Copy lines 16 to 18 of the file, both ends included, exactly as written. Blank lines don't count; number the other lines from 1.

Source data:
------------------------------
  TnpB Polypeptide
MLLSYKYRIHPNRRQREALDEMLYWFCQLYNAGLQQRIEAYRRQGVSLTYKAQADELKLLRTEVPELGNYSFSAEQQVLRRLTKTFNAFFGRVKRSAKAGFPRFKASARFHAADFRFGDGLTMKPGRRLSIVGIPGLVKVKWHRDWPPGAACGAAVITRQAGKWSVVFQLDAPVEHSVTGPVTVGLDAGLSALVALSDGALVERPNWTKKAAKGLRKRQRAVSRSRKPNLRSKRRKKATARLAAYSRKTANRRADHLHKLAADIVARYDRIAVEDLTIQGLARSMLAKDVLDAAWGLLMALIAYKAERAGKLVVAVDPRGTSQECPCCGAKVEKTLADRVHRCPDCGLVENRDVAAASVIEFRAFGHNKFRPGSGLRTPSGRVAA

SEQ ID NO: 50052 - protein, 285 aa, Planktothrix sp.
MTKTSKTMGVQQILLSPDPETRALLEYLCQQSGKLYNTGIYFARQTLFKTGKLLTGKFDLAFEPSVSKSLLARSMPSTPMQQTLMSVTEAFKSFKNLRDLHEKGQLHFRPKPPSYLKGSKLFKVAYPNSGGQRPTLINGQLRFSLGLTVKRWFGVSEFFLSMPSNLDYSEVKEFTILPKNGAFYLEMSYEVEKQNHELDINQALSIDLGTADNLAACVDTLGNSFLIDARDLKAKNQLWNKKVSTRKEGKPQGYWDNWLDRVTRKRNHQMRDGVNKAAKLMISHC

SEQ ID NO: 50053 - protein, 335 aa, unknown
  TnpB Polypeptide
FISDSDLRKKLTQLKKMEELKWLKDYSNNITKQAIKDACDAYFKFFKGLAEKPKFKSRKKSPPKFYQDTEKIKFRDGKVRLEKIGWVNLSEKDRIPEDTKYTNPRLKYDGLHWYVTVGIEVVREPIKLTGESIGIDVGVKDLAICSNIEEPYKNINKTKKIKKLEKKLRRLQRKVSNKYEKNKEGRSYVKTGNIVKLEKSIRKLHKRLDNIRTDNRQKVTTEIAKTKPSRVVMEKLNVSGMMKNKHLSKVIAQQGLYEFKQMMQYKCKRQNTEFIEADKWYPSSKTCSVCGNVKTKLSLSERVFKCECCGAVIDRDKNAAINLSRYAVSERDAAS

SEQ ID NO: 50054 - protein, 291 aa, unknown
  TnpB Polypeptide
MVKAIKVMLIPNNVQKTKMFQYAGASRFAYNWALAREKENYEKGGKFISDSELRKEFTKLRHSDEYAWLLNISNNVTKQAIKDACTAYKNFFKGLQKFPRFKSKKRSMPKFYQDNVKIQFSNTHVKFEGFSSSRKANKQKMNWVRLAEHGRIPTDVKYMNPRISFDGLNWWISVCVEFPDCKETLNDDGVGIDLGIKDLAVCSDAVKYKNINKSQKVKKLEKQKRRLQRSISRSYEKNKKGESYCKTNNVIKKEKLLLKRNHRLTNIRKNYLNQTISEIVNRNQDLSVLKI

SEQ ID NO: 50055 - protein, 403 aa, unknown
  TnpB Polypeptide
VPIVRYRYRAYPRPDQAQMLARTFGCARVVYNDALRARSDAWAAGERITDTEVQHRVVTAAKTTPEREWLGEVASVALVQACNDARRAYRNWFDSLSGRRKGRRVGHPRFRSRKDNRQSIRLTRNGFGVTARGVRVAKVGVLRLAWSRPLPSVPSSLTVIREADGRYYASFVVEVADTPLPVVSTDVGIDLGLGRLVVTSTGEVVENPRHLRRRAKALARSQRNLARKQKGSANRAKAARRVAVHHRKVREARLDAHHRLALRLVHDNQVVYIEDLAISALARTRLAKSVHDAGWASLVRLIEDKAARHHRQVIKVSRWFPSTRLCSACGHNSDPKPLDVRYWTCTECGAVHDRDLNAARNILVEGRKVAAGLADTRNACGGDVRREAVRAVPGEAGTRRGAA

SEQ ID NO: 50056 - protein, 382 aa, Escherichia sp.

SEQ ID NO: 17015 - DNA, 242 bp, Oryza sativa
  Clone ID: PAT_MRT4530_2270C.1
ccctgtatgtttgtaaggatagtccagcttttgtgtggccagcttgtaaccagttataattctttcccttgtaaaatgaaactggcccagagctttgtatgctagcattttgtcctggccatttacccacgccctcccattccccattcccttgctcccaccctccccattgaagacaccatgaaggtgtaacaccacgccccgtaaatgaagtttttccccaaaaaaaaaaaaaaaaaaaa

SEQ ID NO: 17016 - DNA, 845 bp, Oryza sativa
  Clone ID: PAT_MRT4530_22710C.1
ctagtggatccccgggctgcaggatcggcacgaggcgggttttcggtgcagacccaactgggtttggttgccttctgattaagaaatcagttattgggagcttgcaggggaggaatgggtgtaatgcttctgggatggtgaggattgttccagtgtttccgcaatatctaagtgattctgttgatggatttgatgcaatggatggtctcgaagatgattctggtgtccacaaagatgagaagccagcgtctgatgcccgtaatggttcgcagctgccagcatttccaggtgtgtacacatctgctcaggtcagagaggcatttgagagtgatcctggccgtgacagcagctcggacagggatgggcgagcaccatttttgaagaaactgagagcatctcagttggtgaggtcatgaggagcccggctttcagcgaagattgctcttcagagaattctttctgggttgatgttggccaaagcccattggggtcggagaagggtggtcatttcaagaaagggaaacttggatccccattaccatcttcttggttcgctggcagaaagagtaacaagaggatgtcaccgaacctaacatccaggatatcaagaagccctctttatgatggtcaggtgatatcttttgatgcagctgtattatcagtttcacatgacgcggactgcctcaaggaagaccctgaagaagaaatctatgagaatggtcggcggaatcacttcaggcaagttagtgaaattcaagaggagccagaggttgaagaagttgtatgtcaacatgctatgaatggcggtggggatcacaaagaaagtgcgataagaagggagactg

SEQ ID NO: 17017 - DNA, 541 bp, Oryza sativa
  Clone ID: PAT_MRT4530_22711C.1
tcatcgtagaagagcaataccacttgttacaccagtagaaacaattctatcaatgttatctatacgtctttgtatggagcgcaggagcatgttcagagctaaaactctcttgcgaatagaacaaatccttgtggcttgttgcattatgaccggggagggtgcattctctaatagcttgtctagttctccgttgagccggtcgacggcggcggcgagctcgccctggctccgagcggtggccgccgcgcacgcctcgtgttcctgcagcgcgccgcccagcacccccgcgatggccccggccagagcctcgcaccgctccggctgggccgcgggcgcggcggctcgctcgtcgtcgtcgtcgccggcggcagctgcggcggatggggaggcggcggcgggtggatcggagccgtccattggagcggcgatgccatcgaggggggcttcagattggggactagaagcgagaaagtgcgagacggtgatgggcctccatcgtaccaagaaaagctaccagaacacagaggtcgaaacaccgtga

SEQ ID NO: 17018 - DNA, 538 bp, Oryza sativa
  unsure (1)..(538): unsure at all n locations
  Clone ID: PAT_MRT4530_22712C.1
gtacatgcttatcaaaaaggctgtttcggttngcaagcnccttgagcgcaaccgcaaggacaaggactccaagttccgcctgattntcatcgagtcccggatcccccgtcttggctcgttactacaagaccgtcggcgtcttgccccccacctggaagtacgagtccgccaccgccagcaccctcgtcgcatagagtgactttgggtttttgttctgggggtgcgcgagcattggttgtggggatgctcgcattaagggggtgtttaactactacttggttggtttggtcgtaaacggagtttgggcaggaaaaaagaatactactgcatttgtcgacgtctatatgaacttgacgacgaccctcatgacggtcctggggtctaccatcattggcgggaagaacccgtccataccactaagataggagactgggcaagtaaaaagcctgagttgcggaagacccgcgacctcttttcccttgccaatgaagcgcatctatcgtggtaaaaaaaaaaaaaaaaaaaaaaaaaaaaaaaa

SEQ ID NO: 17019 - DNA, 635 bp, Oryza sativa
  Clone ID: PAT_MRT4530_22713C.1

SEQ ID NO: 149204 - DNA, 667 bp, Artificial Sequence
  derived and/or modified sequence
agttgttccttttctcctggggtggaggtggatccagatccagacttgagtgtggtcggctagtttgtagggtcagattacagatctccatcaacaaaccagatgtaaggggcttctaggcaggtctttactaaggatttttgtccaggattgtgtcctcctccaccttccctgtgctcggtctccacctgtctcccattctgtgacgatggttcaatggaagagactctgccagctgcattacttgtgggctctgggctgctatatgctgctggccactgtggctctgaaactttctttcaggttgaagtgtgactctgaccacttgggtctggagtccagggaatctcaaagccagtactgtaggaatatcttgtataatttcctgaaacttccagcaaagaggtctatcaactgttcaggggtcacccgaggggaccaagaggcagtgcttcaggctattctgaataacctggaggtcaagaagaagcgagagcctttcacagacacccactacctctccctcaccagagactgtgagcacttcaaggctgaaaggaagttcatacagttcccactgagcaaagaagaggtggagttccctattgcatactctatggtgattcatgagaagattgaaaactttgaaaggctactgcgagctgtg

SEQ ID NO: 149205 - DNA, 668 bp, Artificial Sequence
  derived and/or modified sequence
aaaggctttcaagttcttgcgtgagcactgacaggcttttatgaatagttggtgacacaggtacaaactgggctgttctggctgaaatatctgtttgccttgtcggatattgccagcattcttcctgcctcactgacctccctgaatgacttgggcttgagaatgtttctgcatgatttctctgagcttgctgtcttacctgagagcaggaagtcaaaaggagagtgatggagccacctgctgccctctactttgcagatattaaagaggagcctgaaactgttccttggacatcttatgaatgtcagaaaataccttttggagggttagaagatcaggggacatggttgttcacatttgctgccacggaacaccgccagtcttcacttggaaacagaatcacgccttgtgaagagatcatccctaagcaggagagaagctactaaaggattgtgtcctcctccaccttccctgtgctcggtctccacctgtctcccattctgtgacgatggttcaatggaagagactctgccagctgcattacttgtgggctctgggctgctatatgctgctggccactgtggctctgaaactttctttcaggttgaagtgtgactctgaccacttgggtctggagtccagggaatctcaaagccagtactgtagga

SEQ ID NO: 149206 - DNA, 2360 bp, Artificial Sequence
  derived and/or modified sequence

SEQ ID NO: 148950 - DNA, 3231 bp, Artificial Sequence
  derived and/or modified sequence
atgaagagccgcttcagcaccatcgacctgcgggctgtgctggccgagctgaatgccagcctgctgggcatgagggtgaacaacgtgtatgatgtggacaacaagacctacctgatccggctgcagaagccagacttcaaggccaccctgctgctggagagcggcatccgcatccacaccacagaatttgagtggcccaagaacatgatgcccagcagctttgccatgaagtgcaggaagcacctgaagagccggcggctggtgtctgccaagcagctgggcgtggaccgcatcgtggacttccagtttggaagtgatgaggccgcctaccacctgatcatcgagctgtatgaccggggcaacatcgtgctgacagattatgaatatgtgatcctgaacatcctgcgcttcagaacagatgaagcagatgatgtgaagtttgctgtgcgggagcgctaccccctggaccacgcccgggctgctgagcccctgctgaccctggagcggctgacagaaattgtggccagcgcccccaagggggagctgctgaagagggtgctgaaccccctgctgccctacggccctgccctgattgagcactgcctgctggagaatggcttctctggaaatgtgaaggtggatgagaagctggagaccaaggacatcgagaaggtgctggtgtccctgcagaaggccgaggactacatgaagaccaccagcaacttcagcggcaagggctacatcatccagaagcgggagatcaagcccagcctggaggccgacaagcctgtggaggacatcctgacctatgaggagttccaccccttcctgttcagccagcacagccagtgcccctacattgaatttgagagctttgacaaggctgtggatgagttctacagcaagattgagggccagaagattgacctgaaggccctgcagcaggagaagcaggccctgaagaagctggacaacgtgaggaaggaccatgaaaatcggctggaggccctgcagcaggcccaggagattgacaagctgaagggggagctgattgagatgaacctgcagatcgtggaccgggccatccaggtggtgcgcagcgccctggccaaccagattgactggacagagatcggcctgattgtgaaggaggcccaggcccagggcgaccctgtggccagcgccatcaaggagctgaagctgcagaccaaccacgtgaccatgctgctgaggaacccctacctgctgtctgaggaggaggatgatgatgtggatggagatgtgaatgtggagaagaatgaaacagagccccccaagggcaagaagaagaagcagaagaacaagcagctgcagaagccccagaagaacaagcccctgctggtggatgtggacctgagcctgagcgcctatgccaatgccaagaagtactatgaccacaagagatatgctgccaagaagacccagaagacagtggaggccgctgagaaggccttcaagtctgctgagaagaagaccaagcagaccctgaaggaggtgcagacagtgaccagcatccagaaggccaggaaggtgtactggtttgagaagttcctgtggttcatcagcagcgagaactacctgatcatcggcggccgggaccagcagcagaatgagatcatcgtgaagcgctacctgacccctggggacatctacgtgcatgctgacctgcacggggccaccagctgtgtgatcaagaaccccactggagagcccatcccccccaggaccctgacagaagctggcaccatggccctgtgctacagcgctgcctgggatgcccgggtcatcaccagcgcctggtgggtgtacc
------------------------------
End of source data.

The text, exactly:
  Clone ID: PAT_MRT4530_2270C.1
ccctgtatgtttgtaaggatagtccagcttttgtgtggccagcttgtaaccagttataattctttcccttgtaaaatgaaactggcccagagctttgtatgctagcattttgtcctggccatttacccacgccctcccattccccattcccttgctcccaccctccccattgaagacaccatgaaggtgtaacaccacgccccgtaaatgaagtttttccccaaaaaaaaaaaaaaaaaaaa

SEQ ID NO: 17016 - DNA, 845 bp, Oryza sativa